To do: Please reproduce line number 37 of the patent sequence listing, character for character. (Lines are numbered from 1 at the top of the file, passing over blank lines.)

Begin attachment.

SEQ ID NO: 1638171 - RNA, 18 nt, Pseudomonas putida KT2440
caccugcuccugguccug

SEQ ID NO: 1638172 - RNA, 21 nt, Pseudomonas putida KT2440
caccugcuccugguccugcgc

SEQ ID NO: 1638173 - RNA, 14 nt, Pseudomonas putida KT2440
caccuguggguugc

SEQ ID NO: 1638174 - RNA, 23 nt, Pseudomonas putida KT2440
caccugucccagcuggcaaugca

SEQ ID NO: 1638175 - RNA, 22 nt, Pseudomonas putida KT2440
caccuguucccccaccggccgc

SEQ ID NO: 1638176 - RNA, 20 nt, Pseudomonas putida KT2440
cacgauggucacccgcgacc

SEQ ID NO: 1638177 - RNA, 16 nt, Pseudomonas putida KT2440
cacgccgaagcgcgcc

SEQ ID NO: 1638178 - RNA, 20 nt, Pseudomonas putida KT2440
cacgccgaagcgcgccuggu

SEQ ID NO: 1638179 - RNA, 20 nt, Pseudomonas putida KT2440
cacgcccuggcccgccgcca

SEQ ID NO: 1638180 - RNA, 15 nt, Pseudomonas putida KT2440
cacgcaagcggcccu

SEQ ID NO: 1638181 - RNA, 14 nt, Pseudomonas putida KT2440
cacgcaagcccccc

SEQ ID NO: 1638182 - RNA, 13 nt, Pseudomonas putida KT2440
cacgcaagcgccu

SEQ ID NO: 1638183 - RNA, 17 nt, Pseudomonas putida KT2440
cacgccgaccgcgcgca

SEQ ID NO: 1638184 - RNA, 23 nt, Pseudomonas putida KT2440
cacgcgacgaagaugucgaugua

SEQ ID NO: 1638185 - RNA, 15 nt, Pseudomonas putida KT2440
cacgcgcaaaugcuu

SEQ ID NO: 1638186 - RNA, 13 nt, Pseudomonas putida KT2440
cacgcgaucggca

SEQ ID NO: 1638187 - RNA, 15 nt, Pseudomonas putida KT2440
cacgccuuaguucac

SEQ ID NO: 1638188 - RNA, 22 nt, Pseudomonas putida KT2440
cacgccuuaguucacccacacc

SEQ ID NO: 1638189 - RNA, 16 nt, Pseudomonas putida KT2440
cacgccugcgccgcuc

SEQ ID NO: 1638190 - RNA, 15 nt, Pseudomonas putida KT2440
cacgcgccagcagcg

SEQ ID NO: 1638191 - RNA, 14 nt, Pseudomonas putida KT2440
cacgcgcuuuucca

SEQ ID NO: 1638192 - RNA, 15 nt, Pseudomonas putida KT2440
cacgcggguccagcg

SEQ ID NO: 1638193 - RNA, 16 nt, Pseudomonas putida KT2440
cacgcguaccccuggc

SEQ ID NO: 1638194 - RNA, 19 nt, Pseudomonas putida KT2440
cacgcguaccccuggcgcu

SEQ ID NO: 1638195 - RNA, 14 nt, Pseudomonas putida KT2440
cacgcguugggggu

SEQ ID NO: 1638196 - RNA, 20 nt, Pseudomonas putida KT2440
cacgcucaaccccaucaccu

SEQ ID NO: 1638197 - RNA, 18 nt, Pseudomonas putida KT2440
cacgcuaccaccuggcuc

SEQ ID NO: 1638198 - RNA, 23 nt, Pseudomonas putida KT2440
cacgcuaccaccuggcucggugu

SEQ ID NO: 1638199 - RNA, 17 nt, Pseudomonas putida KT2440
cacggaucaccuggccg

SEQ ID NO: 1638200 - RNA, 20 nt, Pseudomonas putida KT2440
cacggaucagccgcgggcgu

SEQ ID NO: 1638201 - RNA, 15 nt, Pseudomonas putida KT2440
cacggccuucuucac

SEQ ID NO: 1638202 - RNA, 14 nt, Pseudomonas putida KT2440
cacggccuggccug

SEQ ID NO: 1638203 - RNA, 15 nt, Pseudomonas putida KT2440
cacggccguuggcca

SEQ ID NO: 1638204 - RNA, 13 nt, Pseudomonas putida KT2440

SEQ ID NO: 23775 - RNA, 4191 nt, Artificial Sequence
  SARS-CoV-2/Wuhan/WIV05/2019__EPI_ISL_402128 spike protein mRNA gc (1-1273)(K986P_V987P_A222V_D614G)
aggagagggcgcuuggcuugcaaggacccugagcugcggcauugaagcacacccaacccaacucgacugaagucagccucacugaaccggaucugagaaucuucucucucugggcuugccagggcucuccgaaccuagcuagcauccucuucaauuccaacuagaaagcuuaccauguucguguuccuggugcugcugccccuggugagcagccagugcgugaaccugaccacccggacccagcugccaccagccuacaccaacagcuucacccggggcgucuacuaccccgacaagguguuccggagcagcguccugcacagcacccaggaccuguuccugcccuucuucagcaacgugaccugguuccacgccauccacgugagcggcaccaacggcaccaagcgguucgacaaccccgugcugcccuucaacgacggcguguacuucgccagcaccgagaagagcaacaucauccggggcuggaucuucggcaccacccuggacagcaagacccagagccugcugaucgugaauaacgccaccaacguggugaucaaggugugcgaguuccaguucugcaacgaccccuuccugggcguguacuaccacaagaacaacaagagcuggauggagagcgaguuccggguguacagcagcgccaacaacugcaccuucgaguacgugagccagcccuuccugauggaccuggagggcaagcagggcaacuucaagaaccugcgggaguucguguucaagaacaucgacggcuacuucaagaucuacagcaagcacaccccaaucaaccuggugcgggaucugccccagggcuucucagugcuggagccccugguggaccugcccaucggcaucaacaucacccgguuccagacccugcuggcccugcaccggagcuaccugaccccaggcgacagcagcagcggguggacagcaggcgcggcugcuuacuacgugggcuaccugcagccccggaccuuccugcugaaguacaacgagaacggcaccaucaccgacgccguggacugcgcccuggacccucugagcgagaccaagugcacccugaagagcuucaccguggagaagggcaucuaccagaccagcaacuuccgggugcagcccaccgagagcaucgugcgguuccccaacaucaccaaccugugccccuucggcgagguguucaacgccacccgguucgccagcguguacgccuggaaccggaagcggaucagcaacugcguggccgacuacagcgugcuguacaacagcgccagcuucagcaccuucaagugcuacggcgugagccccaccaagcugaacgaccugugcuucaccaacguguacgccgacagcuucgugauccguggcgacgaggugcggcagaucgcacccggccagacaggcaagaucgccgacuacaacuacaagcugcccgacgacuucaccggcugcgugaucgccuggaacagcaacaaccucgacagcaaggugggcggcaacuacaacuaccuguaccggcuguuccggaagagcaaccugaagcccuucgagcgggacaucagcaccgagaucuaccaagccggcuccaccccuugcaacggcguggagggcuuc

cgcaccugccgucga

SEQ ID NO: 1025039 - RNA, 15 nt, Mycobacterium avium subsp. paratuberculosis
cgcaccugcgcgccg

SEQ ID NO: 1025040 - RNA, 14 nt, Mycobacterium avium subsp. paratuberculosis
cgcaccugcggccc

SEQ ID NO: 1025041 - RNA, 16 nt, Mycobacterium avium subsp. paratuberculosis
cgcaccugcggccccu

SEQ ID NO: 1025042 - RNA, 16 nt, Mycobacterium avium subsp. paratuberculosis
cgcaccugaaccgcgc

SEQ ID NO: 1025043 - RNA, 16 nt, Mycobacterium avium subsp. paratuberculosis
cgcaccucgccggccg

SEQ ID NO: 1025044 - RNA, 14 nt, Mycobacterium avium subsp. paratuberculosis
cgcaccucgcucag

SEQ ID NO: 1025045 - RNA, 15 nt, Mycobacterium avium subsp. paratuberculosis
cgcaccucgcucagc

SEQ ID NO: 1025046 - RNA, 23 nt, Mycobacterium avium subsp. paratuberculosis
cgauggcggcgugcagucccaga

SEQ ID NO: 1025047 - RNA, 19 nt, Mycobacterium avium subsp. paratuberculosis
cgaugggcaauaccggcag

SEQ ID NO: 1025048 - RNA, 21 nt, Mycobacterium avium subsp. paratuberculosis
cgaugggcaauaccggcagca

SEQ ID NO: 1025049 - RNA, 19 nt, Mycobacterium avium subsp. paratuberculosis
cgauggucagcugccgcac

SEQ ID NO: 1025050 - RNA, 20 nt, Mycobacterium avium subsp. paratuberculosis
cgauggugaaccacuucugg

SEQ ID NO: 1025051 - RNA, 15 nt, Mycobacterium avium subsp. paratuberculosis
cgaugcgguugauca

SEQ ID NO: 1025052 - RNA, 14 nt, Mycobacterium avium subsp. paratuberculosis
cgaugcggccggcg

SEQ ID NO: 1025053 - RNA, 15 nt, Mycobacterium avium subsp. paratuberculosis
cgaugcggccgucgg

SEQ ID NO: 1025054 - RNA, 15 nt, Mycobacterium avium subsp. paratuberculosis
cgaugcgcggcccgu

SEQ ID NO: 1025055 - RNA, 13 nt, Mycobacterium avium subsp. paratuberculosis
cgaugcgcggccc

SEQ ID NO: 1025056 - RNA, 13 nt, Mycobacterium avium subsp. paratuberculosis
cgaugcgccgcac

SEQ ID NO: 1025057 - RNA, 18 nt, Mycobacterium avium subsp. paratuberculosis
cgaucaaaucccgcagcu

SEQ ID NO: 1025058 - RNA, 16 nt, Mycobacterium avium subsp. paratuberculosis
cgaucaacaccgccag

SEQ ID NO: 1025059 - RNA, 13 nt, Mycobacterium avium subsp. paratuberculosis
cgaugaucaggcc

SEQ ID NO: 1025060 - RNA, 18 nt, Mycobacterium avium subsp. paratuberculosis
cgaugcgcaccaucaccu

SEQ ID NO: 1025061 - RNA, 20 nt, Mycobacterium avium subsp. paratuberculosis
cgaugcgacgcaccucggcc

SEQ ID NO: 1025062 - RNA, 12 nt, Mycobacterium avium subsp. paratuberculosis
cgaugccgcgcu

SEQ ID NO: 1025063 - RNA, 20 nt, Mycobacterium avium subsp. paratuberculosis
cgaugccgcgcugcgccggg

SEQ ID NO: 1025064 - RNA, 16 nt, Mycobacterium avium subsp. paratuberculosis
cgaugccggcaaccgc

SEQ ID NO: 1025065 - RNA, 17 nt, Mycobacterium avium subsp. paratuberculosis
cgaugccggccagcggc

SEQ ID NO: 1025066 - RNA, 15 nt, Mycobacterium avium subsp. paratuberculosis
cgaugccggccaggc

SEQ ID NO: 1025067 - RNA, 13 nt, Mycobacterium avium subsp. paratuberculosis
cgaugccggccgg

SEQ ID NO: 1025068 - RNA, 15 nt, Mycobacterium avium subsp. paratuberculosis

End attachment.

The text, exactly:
SEQ ID NO: 1638189 - RNA, 16 nt, Pseudomonas putida KT2440